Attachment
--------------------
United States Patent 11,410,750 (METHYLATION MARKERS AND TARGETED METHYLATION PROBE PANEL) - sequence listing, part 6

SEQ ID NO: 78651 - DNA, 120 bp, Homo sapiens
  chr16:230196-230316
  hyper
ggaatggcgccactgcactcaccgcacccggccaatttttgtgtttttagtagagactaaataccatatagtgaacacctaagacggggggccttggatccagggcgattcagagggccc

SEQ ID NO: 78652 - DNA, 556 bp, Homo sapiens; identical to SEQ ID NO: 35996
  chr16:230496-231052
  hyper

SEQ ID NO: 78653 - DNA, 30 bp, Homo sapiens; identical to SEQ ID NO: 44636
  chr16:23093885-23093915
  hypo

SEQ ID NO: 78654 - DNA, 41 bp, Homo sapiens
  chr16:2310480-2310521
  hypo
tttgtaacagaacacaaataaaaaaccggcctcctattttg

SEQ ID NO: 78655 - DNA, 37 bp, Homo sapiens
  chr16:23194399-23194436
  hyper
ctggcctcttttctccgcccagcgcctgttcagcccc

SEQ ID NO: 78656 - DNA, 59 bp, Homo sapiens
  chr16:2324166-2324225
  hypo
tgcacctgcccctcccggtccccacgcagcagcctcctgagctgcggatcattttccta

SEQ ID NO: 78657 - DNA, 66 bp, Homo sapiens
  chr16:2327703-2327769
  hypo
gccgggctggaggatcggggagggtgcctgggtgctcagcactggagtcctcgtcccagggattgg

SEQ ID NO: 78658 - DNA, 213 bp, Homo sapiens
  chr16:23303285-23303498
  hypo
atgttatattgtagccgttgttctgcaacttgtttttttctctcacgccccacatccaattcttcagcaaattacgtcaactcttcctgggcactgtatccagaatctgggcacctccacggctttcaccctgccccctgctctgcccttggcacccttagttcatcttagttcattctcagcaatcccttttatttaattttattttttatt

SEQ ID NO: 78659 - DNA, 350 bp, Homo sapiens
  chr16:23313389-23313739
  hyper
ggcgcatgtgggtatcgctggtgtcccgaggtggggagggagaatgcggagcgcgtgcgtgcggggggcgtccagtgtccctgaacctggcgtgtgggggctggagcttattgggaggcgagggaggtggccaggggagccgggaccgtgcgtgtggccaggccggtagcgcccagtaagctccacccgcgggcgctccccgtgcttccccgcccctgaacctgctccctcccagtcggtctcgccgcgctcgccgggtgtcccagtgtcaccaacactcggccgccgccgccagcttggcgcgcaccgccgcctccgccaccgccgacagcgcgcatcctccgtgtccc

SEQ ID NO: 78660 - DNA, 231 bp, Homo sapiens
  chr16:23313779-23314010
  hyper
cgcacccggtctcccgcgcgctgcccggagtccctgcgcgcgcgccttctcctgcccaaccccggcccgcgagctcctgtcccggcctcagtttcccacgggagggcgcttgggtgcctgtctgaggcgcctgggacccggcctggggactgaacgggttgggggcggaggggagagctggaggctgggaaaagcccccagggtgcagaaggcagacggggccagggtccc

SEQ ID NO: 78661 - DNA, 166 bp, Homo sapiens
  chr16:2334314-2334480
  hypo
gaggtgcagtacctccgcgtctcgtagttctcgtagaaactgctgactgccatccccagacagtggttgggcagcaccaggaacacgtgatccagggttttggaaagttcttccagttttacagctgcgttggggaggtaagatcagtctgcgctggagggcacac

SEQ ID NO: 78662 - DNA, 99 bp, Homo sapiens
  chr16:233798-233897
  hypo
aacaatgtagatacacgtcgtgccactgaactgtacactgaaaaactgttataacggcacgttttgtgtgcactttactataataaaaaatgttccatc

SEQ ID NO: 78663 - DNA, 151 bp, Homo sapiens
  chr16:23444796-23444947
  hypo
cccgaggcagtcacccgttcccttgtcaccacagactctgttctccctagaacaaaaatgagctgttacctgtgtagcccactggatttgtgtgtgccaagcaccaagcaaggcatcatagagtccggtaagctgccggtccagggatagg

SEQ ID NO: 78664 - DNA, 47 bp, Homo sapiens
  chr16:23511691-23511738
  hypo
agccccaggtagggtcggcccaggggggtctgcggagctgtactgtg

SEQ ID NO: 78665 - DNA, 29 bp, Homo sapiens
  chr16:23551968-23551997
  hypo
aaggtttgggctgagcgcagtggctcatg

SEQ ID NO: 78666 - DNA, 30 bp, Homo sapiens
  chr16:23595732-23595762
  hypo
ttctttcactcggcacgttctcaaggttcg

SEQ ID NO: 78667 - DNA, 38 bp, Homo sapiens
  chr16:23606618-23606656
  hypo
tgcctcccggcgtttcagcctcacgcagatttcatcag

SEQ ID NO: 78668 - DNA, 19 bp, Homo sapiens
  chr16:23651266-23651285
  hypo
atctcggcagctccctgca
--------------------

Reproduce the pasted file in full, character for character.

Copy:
United States Patent 11,410,750 (METHYLATION MARKERS AND TARGETED METHYLATION PROBE PANEL) - sequence listing, part 6

SEQ ID NO: 78651 - DNA, 120 bp, Homo sapiens
  chr16:230196-230316
  hyper
ggaatggcgccactgcactcaccgcacccggccaatttttgtgtttttagtagagactaaataccatatagtgaacacctaagacggggggccttggatccagggcgattcagagggccc

SEQ ID NO: 78652 - DNA, 556 bp, Homo sapiens; identical to SEQ ID NO: 35996
  chr16:230496-231052
  hyper

SEQ ID NO: 78653 - DNA, 30 bp, Homo sapiens; identical to SEQ ID NO: 44636
  chr16:23093885-23093915
  hypo

SEQ ID NO: 78654 - DNA, 41 bp, Homo sapiens
  chr16:2310480-2310521
  hypo
tttgtaacagaacacaaataaaaaaccggcctcctattttg

SEQ ID NO: 78655 - DNA, 37 bp, Homo sapiens
  chr16:23194399-23194436
  hyper
ctggcctcttttctccgcccagcgcctgttcagcccc

SEQ ID NO: 78656 - DNA, 59 bp, Homo sapiens
  chr16:2324166-2324225
  hypo
tgcacctgcccctcccggtccccacgcagcagcctcctgagctgcggatcattttccta

SEQ ID NO: 78657 - DNA, 66 bp, Homo sapiens
  chr16:2327703-2327769
  hypo
gccgggctggaggatcggggagggtgcctgggtgctcagcactggagtcctcgtcccagggattgg

SEQ ID NO: 78658 - DNA, 213 bp, Homo sapiens
  chr16:23303285-23303498
  hypo
atgttatattgtagccgttgttctgcaacttgtttttttctctcacgccccacatccaattcttcagcaaattacgtcaactcttcctgggcactgtatccagaatctgggcacctccacggctttcaccctgccccctgctctgcccttggcacccttagttcatcttagttcattctcagcaatcccttttatttaattttattttttatt

SEQ ID NO: 78659 - DNA, 350 bp, Homo sapiens
  chr16:23313389-23313739
  hyper
ggcgcatgtgggtatcgctggtgtcccgaggtggggagggagaatgcggagcgcgtgcgtgcggggggcgtccagtgtccctgaacctggcgtgtgggggctggagcttattgggaggcgagggaggtggccaggggagccgggaccgtgcgtgtggccaggccggtagcgcccagtaagctccacccgcgggcgctccccgtgcttccccgcccctgaacctgctccctcccagtcggtctcgccgcgctcgccgggtgtcccagtgtcaccaacactcggccgccgccgccagcttggcgcgcaccgccgcctccgccaccgccgacagcgcgcatcctccgtgtccc

SEQ ID NO: 78660 - DNA, 231 bp, Homo sapiens
  chr16:23313779-23314010
  hyper
cgcacccggtctcccgcgcgctgcccggagtccctgcgcgcgcgccttctcctgcccaaccccggcccgcgagctcctgtcccggcctcagtttcccacgggagggcgcttgggtgcctgtctgaggcgcctgggacccggcctggggactgaacgggttgggggcggaggggagagctggaggctgggaaaagcccccagggtgcagaaggcagacggggccagggtccc

SEQ ID NO: 78661 - DNA, 166 bp, Homo sapiens
  chr16:2334314-2334480
  hypo
gaggtgcagtacctccgcgtctcgtagttctcgtagaaactgctgactgccatccccagacagtggttgggcagcaccaggaacacgtgatccagggttttggaaagttcttccagttttacagctgcgttggggaggtaagatcagtctgcgctggagggcacac

SEQ ID NO: 78662 - DNA, 99 bp, Homo sapiens
  chr16:233798-233897
  hypo
aacaatgtagatacacgtcgtgccactgaactgtacactgaaaaactgttataacggcacgttttgtgtgcactttactataataaaaaatgttccatc

SEQ ID NO: 78663 - DNA, 151 bp, Homo sapiens
  chr16:23444796-23444947
  hypo
cccgaggcagtcacccgttcccttgtcaccacagactctgttctccctagaacaaaaatgagctgttacctgtgtagcccactggatttgtgtgtgccaagcaccaagcaaggcatcatagagtccggtaagctgccggtccagggatagg

SEQ ID NO: 78664 - DNA, 47 bp, Homo sapiens
  chr16:23511691-23511738
  hypo
agccccaggtagggtcggcccaggggggtctgcggagctgtactgtg

SEQ ID NO: 78665 - DNA, 29 bp, Homo sapiens
  chr16:23551968-23551997
  hypo
aaggtttgggctgagcgcagtggctcatg

SEQ ID NO: 78666 - DNA, 30 bp, Homo sapiens
  chr16:23595732-23595762
  hypo
ttctttcactcggcacgttctcaaggttcg

SEQ ID NO: 78667 - DNA, 38 bp, Homo sapiens
  chr16:23606618-23606656
  hypo
tgcctcccggcgtttcagcctcacgcagatttcatcag

SEQ ID NO: 78668 - DNA, 19 bp, Homo sapiens
  chr16:23651266-23651285
  hypo
atctcggcagctccctgca